With the wrap being a separate item from the casted soleplate it can be coated with a multitude of coatings, left uncoated for a satin finish look, or have the stock material purchases with a pre-coated finish or coating on it. This flexibility allows a manufacturer to utilize various finishes on an iron in order to meet the needs in the marketplace.

The thickness of the wrap also plays an important role in the construction of the iron. Because the wrap is relatively thin, as compared to various old models which have different types of wraps, and has a high thermal conductivity, the wrap is brought up quickly to temperature. This eliminates the absolute need to place a thermally conductive medium between the casted soleplate and the wrap. In order to ensure a contact between the wrap and the casted soleplate, a concave pre-bend may or may not be put into the wrap. This pre-bend can minimize air gaps allowing quick heating of the wrap.

Further advantages of the relatively thin wrap material coupled with a slight air gap between the wrap and the casted soleplate is that it allows for a more even heat distribution of the outer surface of the wrap. This would allow for a more uniform ironing result and eliminate scorching when the iron is used properly. This same construction also minimizes extreme variations in temperature amplitudes and overshoots seen in typical irons by evenly distributing the temperature over the entire surface of the wrap. This invention also reduces the soleplate development by simplifying the need to fine tune the thermostat, over-temperature limiter, and steam/surge rates to obtain the desired ironing results.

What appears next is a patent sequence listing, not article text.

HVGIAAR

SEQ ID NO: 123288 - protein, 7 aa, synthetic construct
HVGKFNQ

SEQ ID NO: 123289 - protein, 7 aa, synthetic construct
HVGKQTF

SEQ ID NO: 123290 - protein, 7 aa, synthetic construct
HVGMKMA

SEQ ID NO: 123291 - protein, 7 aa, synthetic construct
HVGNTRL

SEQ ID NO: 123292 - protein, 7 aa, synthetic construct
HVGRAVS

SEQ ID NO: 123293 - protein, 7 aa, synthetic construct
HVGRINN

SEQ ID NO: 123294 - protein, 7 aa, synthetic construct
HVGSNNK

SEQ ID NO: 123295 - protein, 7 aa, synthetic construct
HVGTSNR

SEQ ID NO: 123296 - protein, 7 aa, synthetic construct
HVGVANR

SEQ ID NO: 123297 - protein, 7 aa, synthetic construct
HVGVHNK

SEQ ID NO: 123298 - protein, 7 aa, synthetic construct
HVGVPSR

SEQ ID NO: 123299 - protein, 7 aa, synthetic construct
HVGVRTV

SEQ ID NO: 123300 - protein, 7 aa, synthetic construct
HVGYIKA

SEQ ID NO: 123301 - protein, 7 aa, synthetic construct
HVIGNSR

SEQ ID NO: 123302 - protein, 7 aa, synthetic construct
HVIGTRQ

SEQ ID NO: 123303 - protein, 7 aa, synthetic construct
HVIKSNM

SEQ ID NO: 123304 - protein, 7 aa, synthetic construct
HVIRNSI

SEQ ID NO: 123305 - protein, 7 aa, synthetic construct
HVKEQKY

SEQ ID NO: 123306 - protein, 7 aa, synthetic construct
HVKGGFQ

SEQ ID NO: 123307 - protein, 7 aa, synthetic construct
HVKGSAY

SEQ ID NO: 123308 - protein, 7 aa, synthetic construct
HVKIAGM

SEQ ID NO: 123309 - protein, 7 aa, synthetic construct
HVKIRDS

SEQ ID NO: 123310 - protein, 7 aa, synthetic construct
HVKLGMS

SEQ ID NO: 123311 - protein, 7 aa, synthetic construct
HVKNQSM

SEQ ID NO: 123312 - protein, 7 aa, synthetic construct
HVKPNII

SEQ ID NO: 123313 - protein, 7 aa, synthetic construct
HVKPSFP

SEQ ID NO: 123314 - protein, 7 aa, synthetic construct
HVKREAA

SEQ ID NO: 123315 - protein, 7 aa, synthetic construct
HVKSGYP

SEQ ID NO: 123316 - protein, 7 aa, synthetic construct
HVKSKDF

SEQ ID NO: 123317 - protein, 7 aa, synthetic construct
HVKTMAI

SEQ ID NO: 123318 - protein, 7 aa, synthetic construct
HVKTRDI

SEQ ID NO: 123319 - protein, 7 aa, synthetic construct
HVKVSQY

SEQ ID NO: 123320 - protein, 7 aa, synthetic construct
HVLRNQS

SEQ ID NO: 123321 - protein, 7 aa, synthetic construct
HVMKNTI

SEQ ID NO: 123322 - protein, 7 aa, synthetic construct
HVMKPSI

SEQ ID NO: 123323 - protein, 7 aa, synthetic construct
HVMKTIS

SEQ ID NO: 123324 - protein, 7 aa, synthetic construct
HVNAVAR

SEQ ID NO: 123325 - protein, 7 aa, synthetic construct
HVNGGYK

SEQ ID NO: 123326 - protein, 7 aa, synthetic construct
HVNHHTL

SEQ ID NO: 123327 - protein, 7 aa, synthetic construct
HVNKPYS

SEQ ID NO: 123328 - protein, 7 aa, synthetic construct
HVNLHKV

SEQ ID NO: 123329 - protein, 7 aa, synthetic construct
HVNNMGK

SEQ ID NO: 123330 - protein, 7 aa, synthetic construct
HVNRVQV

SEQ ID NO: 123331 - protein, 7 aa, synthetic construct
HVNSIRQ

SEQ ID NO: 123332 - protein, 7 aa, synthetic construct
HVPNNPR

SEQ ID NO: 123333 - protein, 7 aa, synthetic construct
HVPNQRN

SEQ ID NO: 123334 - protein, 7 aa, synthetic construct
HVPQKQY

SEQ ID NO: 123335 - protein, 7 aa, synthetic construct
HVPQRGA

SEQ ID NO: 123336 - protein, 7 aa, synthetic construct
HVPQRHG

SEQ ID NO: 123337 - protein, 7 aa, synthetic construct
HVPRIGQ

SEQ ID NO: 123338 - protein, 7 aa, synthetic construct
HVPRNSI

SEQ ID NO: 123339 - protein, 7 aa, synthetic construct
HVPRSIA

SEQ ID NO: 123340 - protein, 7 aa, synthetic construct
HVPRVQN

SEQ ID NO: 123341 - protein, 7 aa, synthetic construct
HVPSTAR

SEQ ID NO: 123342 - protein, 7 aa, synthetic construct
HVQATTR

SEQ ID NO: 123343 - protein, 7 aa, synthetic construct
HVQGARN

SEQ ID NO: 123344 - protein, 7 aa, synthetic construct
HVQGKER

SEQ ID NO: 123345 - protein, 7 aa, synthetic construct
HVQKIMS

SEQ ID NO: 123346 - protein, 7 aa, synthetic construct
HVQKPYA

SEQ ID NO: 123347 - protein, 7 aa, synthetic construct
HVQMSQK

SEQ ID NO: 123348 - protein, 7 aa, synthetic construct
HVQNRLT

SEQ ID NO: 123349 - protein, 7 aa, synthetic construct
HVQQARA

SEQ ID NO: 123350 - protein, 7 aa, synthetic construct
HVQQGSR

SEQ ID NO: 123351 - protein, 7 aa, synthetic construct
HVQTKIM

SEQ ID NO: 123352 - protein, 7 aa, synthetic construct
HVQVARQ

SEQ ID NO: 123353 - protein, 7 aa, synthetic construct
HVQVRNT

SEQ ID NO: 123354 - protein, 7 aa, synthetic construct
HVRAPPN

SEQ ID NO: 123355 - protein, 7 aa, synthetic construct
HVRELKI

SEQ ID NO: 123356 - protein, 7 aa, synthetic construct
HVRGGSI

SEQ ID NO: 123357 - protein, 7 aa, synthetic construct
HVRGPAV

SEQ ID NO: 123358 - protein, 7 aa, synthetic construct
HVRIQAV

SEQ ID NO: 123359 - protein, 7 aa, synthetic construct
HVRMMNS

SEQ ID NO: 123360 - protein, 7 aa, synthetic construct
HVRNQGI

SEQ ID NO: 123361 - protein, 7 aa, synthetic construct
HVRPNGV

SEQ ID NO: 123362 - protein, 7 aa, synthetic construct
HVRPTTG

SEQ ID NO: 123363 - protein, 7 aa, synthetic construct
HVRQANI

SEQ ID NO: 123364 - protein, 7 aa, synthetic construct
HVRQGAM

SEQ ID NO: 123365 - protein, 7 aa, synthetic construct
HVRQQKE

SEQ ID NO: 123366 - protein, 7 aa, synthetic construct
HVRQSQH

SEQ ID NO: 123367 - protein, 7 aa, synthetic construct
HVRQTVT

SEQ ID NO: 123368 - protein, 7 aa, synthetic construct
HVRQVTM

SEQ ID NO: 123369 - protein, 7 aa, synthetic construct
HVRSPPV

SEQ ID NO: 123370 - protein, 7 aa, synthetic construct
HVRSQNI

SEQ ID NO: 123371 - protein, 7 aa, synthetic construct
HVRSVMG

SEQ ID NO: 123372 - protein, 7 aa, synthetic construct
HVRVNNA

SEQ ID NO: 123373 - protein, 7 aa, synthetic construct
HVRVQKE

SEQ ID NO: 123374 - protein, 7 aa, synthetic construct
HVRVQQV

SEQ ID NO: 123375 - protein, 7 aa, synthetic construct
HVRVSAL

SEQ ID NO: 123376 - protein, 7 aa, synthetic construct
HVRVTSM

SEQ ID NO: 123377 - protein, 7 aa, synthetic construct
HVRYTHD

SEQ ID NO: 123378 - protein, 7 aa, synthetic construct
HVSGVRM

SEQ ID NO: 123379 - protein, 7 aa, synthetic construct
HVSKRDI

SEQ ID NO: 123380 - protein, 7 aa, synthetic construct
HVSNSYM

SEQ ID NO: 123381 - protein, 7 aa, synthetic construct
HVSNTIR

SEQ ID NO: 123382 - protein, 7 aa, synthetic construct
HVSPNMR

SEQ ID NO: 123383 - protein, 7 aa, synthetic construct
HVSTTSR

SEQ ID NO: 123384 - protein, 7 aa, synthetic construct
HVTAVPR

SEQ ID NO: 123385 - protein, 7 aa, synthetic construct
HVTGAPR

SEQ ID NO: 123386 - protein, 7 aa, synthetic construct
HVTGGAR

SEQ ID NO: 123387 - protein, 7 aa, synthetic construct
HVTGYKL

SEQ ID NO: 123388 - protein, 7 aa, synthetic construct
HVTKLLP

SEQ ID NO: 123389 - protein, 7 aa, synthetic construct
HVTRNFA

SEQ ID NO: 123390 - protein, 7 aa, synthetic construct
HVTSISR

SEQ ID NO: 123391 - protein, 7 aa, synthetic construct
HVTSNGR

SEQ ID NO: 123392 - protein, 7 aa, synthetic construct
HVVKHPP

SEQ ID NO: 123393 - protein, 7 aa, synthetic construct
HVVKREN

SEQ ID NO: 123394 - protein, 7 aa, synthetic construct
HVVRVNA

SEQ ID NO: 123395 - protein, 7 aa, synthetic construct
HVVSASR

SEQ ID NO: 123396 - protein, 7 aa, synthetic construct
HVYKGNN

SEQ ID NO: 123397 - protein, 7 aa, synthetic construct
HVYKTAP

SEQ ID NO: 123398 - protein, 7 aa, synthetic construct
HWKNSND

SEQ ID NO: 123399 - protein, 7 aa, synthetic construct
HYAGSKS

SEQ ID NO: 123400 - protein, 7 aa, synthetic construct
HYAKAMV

This invention utilizes a wrap with an aluminum substrate metal ranging in thickness from 0.020" to 0.030". This substrate metal comprises the wrap itself and can be left uncoated or coated with a variety of coatings and/or finishes to suit the needs of the marketplace. The wrap can also be fabricated from a variety of precoated stock material wherein the coating is already adhered to the stock material when purchased and is simply stamped out to form the wrap. The wrap is formed from coil stock in either a progressive die or transfer press system. When formed from either of these processes, the wrap has the final shape of the vent holes in it as well as the sides being formed to approximately a ninety degree angle from the bottom surface. The wrap may or may not include a pre-bend formed in the bottom of the wrap which provides a positive load towards the casted soleplate. This pre bend helps to ensure that the wrap fits tightly to the casted soleplate in order to maximize thermal transfer from the casted soleplate through the wrap by minimizing the air gap between the two items. The wrap is attached to the casted soleplate by roll forming the sides of the wrap tightly against a predetermined surface of the casted soleplates outer edge. This process mechanically attaches the wrap to the cased soleplate.